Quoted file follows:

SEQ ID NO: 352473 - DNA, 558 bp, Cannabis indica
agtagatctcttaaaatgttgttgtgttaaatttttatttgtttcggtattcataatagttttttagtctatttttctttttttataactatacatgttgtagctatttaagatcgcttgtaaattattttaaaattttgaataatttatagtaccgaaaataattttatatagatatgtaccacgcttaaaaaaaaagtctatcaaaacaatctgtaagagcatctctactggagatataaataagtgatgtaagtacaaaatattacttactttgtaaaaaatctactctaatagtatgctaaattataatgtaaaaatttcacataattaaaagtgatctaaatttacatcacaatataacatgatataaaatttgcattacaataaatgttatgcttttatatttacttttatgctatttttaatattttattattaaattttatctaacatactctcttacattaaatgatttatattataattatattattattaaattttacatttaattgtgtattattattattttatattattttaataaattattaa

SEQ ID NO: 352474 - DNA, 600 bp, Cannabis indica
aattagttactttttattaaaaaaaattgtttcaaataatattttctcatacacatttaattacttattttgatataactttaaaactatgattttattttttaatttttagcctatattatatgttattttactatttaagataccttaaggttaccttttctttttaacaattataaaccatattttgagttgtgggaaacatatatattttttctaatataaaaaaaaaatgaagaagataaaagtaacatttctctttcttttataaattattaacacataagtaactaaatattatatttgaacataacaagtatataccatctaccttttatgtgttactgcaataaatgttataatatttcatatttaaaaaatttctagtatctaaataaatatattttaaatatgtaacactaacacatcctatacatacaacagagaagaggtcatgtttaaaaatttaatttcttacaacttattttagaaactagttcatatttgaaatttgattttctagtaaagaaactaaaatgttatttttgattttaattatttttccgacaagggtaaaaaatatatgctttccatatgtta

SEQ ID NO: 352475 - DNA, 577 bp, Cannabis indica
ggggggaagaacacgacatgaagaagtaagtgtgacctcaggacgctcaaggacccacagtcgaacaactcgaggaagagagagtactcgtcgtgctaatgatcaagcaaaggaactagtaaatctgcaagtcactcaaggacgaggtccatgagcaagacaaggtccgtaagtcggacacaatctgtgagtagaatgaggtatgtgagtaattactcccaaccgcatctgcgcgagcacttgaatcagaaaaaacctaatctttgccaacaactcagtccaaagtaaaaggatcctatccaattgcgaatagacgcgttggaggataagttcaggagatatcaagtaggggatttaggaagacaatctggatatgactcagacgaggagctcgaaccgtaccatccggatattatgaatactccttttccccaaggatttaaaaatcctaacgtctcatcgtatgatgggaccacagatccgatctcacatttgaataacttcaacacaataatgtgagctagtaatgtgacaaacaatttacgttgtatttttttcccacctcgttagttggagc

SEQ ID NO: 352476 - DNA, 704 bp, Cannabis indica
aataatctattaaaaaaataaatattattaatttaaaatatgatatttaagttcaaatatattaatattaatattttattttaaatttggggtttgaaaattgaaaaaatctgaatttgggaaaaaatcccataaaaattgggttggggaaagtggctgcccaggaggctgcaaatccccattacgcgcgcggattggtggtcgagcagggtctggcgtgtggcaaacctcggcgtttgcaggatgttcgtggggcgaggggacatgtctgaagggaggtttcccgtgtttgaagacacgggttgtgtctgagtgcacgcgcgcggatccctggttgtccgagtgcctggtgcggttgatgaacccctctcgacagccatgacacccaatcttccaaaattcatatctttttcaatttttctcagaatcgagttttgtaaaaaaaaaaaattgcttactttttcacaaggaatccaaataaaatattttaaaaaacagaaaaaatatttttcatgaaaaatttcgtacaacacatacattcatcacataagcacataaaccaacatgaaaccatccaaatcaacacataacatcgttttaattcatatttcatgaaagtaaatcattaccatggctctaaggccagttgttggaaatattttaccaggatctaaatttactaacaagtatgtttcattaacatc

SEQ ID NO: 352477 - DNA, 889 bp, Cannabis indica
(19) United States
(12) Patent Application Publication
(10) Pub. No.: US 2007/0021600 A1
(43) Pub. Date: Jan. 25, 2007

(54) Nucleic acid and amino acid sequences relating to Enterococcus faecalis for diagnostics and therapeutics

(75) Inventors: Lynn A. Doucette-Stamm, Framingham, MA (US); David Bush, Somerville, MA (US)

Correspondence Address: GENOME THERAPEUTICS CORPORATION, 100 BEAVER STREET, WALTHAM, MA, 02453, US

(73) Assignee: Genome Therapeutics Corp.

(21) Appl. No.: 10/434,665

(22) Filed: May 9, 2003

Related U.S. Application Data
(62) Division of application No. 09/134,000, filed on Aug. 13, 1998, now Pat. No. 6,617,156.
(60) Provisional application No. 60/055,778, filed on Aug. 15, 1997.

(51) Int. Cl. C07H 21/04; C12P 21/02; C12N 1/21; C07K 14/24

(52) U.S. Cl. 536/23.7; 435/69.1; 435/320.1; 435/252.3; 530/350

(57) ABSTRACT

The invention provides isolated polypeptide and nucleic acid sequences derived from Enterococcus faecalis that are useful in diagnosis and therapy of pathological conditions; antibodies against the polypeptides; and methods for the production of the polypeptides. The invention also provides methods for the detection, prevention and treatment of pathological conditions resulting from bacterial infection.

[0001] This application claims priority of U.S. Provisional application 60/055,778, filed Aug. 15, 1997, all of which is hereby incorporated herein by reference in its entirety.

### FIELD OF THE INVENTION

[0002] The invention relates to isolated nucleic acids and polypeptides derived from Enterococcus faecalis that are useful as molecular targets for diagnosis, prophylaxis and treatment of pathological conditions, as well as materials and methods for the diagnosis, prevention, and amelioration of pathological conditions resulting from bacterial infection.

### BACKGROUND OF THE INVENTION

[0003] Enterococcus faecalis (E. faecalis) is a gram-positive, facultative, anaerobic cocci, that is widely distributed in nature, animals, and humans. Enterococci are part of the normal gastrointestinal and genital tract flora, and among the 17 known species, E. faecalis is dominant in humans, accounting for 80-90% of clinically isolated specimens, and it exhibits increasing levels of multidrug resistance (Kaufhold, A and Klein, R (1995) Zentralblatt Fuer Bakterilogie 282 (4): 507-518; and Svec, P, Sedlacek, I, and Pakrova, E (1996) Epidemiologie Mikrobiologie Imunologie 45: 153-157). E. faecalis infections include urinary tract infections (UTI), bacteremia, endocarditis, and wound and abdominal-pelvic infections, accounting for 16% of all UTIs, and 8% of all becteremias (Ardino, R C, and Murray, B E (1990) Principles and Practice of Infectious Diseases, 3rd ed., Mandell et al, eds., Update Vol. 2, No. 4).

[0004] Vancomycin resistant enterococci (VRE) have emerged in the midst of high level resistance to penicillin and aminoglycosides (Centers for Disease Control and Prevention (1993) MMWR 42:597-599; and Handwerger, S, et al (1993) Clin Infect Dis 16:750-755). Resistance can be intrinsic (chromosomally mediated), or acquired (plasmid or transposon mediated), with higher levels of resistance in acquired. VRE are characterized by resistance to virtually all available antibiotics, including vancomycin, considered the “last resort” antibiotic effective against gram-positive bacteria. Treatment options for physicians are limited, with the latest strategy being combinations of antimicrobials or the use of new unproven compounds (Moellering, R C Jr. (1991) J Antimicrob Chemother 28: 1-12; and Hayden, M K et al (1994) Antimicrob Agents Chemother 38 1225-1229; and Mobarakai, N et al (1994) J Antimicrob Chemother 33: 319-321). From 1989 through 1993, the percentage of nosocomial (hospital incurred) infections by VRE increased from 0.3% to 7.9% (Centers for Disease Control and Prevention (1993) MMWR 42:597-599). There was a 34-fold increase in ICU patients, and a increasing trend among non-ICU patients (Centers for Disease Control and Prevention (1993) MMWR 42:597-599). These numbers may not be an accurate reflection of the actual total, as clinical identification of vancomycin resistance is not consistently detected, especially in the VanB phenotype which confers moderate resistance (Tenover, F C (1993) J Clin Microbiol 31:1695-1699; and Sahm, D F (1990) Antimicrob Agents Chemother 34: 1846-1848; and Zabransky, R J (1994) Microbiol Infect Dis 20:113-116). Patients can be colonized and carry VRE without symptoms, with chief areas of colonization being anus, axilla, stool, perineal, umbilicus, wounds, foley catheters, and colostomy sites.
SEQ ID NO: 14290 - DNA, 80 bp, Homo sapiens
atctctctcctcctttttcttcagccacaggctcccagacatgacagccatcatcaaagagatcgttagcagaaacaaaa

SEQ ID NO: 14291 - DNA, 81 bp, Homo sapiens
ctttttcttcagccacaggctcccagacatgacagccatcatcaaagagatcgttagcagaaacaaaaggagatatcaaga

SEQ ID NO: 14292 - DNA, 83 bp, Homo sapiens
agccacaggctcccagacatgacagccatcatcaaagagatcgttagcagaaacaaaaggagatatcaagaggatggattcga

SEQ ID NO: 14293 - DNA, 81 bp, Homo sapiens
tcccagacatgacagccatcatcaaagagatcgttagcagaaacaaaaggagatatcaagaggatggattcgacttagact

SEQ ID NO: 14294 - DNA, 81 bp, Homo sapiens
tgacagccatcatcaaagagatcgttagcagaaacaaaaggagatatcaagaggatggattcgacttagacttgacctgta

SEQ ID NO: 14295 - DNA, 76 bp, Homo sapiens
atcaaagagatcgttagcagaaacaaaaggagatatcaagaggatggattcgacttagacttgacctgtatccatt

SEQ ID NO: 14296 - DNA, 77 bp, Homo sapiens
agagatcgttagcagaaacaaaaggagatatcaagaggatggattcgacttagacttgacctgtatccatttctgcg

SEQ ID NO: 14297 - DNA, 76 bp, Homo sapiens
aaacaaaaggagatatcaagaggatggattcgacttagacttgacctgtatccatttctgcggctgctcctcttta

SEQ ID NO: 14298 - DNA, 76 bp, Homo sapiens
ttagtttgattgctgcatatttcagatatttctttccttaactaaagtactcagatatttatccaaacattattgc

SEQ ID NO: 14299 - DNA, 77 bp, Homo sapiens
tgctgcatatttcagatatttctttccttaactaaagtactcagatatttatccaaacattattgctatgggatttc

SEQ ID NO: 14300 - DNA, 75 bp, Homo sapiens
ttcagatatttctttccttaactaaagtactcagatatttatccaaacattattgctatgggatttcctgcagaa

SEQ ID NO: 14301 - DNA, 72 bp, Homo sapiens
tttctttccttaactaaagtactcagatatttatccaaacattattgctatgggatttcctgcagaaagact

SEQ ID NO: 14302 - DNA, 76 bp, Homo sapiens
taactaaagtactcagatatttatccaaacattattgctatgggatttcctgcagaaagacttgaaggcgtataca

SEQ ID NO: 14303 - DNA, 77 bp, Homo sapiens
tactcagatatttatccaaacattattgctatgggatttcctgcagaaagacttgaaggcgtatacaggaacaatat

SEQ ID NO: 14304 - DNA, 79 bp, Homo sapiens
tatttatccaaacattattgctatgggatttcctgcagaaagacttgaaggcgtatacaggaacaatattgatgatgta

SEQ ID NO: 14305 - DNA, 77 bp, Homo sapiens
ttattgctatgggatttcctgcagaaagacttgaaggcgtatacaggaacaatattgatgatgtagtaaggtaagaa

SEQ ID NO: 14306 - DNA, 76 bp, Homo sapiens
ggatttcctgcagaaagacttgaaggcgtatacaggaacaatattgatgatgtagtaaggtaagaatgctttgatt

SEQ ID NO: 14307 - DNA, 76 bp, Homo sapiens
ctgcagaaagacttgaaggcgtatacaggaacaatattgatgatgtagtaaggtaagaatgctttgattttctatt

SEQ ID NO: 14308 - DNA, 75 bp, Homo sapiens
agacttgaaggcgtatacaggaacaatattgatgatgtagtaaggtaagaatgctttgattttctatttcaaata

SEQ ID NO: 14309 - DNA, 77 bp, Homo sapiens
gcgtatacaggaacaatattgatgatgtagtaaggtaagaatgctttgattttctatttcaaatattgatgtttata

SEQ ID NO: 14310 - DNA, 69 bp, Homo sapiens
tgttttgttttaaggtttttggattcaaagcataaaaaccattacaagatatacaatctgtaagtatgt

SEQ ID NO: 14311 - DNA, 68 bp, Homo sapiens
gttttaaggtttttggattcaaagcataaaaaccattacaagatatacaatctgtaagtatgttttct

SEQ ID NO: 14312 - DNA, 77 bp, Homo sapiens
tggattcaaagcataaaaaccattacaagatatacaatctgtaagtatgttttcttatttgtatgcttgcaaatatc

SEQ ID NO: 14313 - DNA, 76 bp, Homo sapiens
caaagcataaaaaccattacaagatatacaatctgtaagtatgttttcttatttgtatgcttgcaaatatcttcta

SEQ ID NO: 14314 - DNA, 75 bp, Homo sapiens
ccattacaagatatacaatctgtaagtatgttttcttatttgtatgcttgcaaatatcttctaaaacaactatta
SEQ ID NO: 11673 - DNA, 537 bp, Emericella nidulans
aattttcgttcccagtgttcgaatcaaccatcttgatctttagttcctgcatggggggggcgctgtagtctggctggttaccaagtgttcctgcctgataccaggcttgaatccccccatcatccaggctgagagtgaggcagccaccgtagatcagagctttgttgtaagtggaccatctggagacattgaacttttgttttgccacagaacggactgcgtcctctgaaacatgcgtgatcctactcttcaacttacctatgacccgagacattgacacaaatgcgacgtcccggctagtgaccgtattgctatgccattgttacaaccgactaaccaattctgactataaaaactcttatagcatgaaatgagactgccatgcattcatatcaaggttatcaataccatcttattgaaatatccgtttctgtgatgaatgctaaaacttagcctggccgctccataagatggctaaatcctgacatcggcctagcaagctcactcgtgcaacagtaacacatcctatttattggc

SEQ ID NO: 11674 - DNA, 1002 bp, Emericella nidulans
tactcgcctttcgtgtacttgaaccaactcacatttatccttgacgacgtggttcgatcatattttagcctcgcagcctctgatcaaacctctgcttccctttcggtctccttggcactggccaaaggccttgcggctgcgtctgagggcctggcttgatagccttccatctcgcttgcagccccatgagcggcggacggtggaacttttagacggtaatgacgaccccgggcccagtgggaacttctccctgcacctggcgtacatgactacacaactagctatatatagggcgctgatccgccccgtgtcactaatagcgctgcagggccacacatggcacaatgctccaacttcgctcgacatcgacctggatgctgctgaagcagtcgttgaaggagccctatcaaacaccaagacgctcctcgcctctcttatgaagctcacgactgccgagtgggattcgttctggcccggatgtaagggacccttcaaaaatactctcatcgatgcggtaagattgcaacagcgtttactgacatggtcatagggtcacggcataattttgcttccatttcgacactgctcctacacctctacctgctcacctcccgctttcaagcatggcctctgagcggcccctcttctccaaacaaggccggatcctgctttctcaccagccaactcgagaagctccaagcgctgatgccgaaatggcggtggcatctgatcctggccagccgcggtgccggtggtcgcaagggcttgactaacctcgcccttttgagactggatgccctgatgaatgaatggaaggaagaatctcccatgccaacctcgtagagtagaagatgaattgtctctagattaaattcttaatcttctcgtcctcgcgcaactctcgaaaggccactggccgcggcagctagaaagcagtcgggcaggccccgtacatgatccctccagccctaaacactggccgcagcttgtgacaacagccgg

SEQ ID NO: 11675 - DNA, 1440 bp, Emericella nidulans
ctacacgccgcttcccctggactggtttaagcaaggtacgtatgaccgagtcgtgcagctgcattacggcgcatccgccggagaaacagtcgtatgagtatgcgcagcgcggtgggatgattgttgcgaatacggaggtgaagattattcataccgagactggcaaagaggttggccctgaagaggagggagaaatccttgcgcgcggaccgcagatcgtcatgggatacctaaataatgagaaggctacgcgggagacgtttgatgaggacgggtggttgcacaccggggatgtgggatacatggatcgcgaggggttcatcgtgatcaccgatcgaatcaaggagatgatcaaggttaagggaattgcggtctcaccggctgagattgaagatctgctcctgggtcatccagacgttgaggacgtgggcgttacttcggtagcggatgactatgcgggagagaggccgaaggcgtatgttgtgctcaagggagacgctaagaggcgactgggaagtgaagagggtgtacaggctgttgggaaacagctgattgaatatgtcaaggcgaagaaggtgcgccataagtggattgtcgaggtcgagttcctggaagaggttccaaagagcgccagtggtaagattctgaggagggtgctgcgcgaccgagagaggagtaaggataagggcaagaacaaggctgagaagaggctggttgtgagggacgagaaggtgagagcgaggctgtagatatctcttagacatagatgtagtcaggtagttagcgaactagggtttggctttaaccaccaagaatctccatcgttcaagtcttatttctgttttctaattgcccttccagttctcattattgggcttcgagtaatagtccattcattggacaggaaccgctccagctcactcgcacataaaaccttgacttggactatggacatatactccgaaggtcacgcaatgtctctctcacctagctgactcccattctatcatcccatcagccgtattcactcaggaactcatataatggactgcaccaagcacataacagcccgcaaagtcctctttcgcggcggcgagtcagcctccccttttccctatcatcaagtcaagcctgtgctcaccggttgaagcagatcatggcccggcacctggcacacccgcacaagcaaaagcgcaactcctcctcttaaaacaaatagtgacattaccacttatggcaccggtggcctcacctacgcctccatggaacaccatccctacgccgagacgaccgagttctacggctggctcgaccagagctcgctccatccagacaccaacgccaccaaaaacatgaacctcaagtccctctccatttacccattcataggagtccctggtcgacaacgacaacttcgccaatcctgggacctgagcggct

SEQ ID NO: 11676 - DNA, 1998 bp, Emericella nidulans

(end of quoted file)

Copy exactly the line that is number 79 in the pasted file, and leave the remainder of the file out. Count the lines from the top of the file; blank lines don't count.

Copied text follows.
SEQ ID NO: 14313 - DNA, 76 bp, Homo sapiens